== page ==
3 Unusual Ways to Start Investing in Real Estate — for $500 or Less
The job title “real estate tycoon” has weaseled its way into popular conversation in the last couple of years… no need to delve into why.
It makes you wonder about buying property to rent out or sell for profit. Judging by how much we all pay for rent and how little our landlords seem to do, it looks like a pretty sweet gig, right?
(That’s a joke, my dear landlord. Please don’t change my locks.)
This kind of investment comes with one little, er, major obstacle, though: You need a lot of money to get started. Houses or land can costs thousands — or hundreds of thousands — of dollars.
Unless you get creative.
Here are three unusual ways we’ve discovered to get started in real estate investing when you only have a few hundred bucks to spare.
1. Invest in Real Estate Around the Country for Just $500
Want to try real-estate investing without playing landlord? We found a company that helps you do just that.
Oh, and you don’t have to have hundreds of thousands of dollars, either. You can get started with a minimum investment of just $500. A company called Fundrise does all the heavy lifting for you.
Through the Fundrise Starter Portfolio, your money will be split into two portfolios that support private real estate around the United States.
This isn’t an obscure investment, though. You can see exactly which properties are included in your portfolios — like a set of townhomes in Snoqualmie, Washington, or an apartment building in Charlotte, North Carolina.
You can earn money through quarterly dividend payments and potential appreciation in the value of your shares, just like a stock. Cash flow typically comes from interest payments and property income (e.g. rent).
(But remember: Investments come with risk. While Fundrise has paid distributions every quarter since at least Q2 2016, dividend and principal payments are never guaranteed.)
You’ll pay a 0.85% annual asset management fee and a 0.15% annual investment advisory fee — but the latter is being waived through Dec. 31.
Interested? Get started with Fundrise here.
2. Buy Land on eBay for $100
Ebay has long been a place for people to sell their weird and outlandish goods, so we’re not surprised to see users selling land for mere pennies.
Most of these thrifty plots probably aren’t worth much — now. But if you choose wisely and hang onto it long enough, a new mall or Walmart might move into town one day and need that little vacant strip.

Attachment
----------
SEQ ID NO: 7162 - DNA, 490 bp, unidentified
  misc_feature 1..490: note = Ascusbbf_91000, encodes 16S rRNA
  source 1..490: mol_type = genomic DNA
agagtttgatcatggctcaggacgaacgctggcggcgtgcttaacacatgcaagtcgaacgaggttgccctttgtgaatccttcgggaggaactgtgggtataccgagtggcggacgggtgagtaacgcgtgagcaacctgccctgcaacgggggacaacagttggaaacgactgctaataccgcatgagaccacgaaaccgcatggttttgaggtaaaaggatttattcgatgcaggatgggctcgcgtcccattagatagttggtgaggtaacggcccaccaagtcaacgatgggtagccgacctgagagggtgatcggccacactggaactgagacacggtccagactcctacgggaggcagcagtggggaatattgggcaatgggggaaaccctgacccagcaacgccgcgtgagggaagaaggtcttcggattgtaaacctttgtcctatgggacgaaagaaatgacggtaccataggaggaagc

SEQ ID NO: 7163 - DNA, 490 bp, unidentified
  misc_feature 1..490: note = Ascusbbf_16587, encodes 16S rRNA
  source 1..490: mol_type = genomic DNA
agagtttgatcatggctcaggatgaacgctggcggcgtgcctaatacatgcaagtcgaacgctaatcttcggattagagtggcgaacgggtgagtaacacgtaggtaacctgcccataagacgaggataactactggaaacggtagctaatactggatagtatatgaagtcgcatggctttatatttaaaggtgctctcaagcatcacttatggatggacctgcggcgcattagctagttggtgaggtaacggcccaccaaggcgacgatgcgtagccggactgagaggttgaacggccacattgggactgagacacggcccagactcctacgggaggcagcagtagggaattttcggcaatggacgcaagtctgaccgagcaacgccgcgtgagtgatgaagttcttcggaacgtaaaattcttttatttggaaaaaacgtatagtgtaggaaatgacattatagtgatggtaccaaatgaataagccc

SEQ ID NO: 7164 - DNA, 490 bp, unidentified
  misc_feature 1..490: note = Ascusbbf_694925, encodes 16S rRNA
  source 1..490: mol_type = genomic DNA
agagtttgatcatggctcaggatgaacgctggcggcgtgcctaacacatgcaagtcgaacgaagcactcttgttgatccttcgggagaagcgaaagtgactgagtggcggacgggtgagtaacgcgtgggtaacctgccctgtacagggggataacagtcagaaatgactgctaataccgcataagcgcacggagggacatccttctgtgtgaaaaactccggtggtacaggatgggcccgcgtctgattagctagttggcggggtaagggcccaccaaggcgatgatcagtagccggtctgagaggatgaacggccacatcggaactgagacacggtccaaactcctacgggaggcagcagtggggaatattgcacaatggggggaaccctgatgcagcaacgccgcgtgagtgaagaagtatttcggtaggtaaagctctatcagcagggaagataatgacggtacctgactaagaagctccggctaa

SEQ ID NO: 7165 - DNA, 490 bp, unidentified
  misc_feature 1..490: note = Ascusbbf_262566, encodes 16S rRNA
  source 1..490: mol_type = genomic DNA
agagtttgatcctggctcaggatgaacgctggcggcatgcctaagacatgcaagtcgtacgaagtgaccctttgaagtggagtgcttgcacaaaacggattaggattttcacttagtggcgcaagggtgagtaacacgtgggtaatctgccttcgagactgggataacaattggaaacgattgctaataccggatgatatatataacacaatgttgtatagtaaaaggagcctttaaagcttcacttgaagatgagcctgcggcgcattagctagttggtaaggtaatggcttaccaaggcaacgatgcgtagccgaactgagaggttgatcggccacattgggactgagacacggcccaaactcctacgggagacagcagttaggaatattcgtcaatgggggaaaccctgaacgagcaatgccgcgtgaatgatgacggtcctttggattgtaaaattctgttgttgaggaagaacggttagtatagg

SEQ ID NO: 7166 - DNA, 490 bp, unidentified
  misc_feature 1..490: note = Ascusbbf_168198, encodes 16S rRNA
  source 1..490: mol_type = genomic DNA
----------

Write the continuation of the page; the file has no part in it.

Set your budget and search on eBay for something like “vacant residential lot” or “vacant commercial lot” to find your next investment.
Don’t forget to factor in additional costs, like title-transfer fees and annual property taxes when you’re thinking about how much this land could be worth over time.
3. Try Virtual Real Estate Investing for Free
Have you heard of the online world, Second Life? It’s a virtual world (not a game, the company asserts) that lets you have a virtual family, own a virtual home, buy virtual goods and even get a virtual job.
It became massively popular at the turn of the century, and — even if you haven’t heard about it in a while — it’s still a thing.
The world runs on Linden Dollars, which you can earn through virtual jobs or by selling your virtual possessions and creations. Or you can buy them directly with your real money.
You can also purchase virtual real estate to sell or rent out.
Ailin Graef (known by her SL avatar Anshe Chung) became the virtual world’s first millionaire flipping real estate. She’d invest real money — which goes a lot further in the virtual world than the real one — and earn real money in return when other users bought or rented her properties.
The world is free to join, and you start with a free starter pack of clothing and useful items. If you want to earn money through a virtual business, you’ll need to build up your Linden Dollars and start investing.
It’d be tough, but if you work hard in the virtual world, you could even build your riches without spending any real money upfront!
The publicly filed offering circulars of the issuers sponsored by Rise Companies Corp., not all of which may be currently qualified by the Securities and Exchange Commission, may be found at www.fundrise.com/oc.
Dana Sitar (firstname.lastname@example.org) is a senior writer/newsletter editor at The Penny Hoarder. Say hi and tell her a good joke on Twitter @danasitar.
This article contains general information and explains options you may have, but it is not intended to be investment advice or a personal recommendation. We can't personalize articles for our readers, so your situation may vary from the one discussed here. Please seek a licensed professional for tax advice, legal advice, financial planning advice or investment advice.